This weekend, Saint John saw two of its busiest days this year, and only one of them involved The Tragically Hip. Friday night was the second annual Third Shift art happening put on by Third Space, and even more than its first year, the event managed to pack the streets of Uptown Saint John.
From Germain to Prince William Street, and Princess to King Street, blocks were closed off, and filled with art of wildly varying styles and sizes. Curated pieces were brought in from as far as Vancouver, Toronto, and New York, alongside local artists – showcasing their works in Saint John’s most public of settings.
The Society Of Anonymous Drawers made an appearance, projecting locally sourced artworks cultivated on the spot through the distribution of paper, markers, and personal identity obfuscation units. The Teaching Artists of Sistema NB Saint John offered a unique opportunity for conductors to step up to the plate as they performed. Maggie Higgins displayed her photography installation of ‘Catch, Preserve, Keep’ in the corner of a parking lot. Marcia Huyer of Toronto nearly filled Grannan’s Lane as her truck’s airbag boiled over. Andrew Reed Miller and Joel LeBlanc dragged an accompanying band through the streets for Charade Parade, touring with their amps strapped to dollies, and their drummer making use of any available surface. Saint John’s Acre Architects rehashed their installation from last year – installing sod on a Germain Street parking lot, with the addition of banners, and allowing attendees to play bocce ball across the spread. The idea behind Le Parc, as the organizers describe it, was to “advocate for the importance of recreation and play in our city. More so, encouraging sensitive and healthy development of our vacant urban spaces.”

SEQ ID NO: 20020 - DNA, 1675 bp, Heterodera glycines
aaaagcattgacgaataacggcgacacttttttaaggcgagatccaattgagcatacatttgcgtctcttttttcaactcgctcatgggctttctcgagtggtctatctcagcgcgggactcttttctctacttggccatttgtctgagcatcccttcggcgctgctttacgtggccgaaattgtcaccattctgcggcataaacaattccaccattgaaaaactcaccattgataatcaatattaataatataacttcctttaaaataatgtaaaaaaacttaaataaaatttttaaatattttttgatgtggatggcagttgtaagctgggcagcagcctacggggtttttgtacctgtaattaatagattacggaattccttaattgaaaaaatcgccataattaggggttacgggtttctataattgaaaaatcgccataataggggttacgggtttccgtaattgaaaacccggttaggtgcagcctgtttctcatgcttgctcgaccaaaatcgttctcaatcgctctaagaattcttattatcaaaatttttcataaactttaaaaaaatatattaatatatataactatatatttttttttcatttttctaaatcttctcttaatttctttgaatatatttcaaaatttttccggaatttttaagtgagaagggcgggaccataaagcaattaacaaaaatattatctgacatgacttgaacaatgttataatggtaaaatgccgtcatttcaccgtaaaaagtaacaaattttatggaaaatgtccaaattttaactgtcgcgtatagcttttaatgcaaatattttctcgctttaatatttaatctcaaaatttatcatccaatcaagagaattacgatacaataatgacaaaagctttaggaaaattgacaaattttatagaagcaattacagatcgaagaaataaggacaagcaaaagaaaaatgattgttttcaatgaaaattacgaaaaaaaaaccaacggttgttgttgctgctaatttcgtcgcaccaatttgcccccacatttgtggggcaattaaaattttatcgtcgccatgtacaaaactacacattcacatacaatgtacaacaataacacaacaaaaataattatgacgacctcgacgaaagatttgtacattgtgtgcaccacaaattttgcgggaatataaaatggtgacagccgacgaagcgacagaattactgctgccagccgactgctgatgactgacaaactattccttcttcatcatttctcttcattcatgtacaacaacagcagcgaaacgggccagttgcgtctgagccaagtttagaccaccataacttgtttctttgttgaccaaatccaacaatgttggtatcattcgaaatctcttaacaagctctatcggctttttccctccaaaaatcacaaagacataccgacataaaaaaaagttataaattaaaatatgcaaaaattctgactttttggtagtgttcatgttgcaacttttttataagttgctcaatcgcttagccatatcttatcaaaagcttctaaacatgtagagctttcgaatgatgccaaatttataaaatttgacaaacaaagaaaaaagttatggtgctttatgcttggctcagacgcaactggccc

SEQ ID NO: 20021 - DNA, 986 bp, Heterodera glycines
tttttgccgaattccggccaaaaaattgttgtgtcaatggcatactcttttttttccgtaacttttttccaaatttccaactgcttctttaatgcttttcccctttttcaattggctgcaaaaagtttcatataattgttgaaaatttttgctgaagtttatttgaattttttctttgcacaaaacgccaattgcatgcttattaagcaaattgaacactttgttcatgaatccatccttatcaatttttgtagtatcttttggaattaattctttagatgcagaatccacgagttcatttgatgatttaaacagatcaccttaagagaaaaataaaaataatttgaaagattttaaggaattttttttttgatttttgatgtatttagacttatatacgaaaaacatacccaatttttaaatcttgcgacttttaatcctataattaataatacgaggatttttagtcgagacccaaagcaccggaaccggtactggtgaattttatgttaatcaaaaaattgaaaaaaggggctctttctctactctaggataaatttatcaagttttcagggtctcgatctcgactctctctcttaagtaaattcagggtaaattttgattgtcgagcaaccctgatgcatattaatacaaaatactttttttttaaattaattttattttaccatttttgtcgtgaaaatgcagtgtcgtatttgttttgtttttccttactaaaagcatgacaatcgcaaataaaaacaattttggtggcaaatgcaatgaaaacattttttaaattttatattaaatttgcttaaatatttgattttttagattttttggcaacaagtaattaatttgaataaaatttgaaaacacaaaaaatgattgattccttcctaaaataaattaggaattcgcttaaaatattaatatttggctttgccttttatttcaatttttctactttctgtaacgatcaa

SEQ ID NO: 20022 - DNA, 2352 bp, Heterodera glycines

Amongst the ample crowd, positive commentary was readily available. One attendee remarked, “This is fantastic – it really feels like Saint John is doing something here, like it’s really on the upswing. It’s like there’s an energy here that’s been missing for ten years.”
The real standout installations were, of course, the Picaroons General Store, which acted as a natural hub and beer reservoir for the whole affair, alongside the tacos being served outside. Aside from the artwork (which wasn’t always easy to spot amongst the throng) it proved to be a particularly successful social outing where you couldn’t move ten feet without bumbling into another friendly conversation. Third Shift has set a new benchmark for Friday nights in Saint John.
For more information visit ThirdShift.ca